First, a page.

mareserinitatis - December 10, 2010

You underestimate the need to be right. 🙂

On one occasion, I was mentioning some news article about melting glaciers to my husband, and one of the other people in the office immediately piped up with, “Al Gore should never have won the Nobel Prize.”

But aside from that, what do you think would solve the issue? Should engineering programs be more diverse in the topics they examine?


2. GMP - December 10, 2010

I think the best and most creative engineers are actually very good scientists — as you say, it’s the mindset of exploring and pushing boundaries of where the rules start to fail. But I see in my classes a lot of kids who really don’t like physics or math, and want to get to the ‘engineering stuff’ as though there is a place where math ends or physics ends and engineering magically begins.

And don’t even get me started on the compartmentalization. I have several religious faculty colleagues and I am always wondering how that works — how do you make peace between your supposedly curious academic self and the believer in a doctrine. But I don’t think I can have such a discussion with my religious colleagues without coming off as condescending and/or obnoxious so I simply avoid it…


mareserinitatis - December 11, 2010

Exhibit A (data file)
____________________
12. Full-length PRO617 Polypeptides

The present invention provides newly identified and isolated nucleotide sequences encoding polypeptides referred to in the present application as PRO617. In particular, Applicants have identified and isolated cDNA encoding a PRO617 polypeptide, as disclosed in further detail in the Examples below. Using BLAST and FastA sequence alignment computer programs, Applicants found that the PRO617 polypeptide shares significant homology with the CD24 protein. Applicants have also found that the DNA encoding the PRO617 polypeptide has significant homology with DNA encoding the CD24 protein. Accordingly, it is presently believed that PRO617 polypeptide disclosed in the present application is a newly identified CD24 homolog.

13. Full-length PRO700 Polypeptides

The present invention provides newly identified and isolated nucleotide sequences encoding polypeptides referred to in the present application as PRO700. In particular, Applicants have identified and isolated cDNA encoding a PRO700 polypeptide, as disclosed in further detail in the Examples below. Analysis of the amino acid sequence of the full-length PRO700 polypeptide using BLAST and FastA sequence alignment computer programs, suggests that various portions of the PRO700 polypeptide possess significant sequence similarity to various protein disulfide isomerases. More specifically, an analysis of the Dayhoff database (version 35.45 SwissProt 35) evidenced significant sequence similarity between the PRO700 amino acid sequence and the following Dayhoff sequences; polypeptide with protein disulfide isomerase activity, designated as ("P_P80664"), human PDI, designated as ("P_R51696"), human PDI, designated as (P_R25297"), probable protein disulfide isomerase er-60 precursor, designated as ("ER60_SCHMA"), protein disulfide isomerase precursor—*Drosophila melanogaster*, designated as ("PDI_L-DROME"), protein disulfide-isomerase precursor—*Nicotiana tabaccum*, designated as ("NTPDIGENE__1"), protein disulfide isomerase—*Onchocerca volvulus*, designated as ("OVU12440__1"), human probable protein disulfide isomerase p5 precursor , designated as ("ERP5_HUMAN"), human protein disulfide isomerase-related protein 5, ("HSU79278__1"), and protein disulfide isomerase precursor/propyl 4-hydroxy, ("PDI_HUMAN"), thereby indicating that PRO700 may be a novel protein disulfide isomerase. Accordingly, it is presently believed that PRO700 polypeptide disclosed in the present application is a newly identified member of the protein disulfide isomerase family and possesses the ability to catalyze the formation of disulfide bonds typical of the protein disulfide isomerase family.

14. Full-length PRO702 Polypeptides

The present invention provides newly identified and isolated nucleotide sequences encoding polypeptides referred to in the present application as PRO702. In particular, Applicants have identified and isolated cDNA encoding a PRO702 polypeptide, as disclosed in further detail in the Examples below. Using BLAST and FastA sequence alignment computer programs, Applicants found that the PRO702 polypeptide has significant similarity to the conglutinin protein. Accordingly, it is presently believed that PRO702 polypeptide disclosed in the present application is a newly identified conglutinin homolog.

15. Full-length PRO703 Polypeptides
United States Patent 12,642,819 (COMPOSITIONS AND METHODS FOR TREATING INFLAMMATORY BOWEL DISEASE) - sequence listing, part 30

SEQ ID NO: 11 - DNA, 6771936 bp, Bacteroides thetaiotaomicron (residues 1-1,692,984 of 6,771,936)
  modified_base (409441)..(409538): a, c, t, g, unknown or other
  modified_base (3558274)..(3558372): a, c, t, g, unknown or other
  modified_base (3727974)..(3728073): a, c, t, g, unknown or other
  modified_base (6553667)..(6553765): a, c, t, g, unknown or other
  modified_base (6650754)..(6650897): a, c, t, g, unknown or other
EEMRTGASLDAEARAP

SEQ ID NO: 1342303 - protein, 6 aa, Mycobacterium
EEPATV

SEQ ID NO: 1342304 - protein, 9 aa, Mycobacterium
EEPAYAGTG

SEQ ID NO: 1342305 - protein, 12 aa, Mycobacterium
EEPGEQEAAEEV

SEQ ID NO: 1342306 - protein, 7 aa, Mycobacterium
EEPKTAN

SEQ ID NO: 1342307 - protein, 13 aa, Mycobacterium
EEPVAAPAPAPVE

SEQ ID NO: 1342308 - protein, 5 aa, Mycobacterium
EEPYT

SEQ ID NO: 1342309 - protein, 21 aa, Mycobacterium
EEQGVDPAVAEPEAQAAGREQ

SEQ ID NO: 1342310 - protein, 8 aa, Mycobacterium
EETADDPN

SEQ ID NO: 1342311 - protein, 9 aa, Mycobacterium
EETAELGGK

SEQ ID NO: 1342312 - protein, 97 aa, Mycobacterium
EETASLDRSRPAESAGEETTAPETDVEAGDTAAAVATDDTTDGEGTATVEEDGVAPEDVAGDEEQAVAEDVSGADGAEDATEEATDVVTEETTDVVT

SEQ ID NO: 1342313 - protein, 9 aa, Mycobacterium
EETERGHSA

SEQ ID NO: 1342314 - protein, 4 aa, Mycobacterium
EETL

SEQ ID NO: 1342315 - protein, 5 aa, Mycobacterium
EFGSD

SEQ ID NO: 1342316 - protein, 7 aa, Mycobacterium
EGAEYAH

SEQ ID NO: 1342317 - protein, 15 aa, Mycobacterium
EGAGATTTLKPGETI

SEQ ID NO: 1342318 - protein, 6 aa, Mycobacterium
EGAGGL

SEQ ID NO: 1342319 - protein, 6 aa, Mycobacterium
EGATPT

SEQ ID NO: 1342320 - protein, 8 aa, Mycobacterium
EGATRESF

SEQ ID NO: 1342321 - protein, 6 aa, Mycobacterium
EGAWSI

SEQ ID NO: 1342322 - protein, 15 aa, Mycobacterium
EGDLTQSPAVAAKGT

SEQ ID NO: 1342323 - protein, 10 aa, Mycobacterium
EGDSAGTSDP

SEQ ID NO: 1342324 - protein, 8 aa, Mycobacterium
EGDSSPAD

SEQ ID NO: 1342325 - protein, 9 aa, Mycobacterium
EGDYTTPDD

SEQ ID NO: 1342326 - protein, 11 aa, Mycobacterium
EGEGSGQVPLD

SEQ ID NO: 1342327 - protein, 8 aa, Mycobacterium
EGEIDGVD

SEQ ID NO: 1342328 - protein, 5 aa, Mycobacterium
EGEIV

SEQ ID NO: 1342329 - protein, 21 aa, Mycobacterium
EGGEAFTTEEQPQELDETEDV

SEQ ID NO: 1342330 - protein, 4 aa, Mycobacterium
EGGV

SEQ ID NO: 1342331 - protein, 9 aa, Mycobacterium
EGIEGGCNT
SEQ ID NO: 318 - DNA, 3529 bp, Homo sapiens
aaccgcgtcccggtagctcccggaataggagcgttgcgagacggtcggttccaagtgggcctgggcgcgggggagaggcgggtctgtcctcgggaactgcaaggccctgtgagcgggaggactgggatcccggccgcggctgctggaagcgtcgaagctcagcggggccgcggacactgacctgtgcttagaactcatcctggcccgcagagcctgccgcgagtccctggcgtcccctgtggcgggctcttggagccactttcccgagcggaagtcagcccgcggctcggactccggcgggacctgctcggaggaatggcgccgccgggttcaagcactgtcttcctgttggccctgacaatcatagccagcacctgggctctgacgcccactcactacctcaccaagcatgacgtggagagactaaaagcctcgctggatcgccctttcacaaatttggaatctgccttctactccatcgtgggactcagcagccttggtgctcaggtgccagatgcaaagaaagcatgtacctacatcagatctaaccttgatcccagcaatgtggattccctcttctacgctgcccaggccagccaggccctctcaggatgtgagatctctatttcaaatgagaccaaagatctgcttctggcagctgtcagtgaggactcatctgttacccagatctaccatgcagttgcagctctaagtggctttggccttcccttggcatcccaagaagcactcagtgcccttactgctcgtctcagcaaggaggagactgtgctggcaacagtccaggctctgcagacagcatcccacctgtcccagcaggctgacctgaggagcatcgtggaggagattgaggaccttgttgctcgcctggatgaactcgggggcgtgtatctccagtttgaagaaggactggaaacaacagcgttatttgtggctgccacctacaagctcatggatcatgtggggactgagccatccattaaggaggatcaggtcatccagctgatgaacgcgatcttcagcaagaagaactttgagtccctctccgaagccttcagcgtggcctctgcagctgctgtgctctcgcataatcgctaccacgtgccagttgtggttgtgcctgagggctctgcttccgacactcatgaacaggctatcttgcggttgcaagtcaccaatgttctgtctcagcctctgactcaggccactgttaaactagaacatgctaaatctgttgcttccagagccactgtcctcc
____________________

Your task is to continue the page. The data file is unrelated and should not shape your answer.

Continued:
I’ve had a few students like that, as well as classmates. They want to just know how to calculate things and will talk about how all the other information is extraneous and how much they can’t stand physics.

Sometimes the religious thing surprises me, but I have to admit that I am pleasantly surprised when I find an engineer who is both religious and has a very positive view of science. In fact, one of my MS committee members is an ordained minister, and we’ve had some very interesting discussions about Biblical history. 🙂 But the ones who are denialists are rather difficult to deal with, and I can never understand why they are that way.


3. FrauTech - December 10, 2010

I also think when we are young we think about where we want to work or what we want to do and the politics we are predisposed to nudge us in one direction or another. A lot of the famous examples of engineering awesomeness are military related. Or it might be engineers are just less likely to go into other “professions” like law or healthcare because they see these things as wasteful. I went from working on a totally left-wing non-profit clinic to a totally right-wing corporation. I suppose the former did have its share of naivety and idealism but the latter certainly surprises me often with its ignorance and logic holes. So you have to be “smart” enough to get through 4-5 years of math, physics and engineering but you don’t necessarily have to be logical or open-minded.


mareserinitatis - December 11, 2010

That’s been the surprising thing for me: people who are very intelligent will not necessarily question things if that’s the way they were raised.

Of course, I was raised not to question things, but I did and still do. Drove my parents nuts. 🙂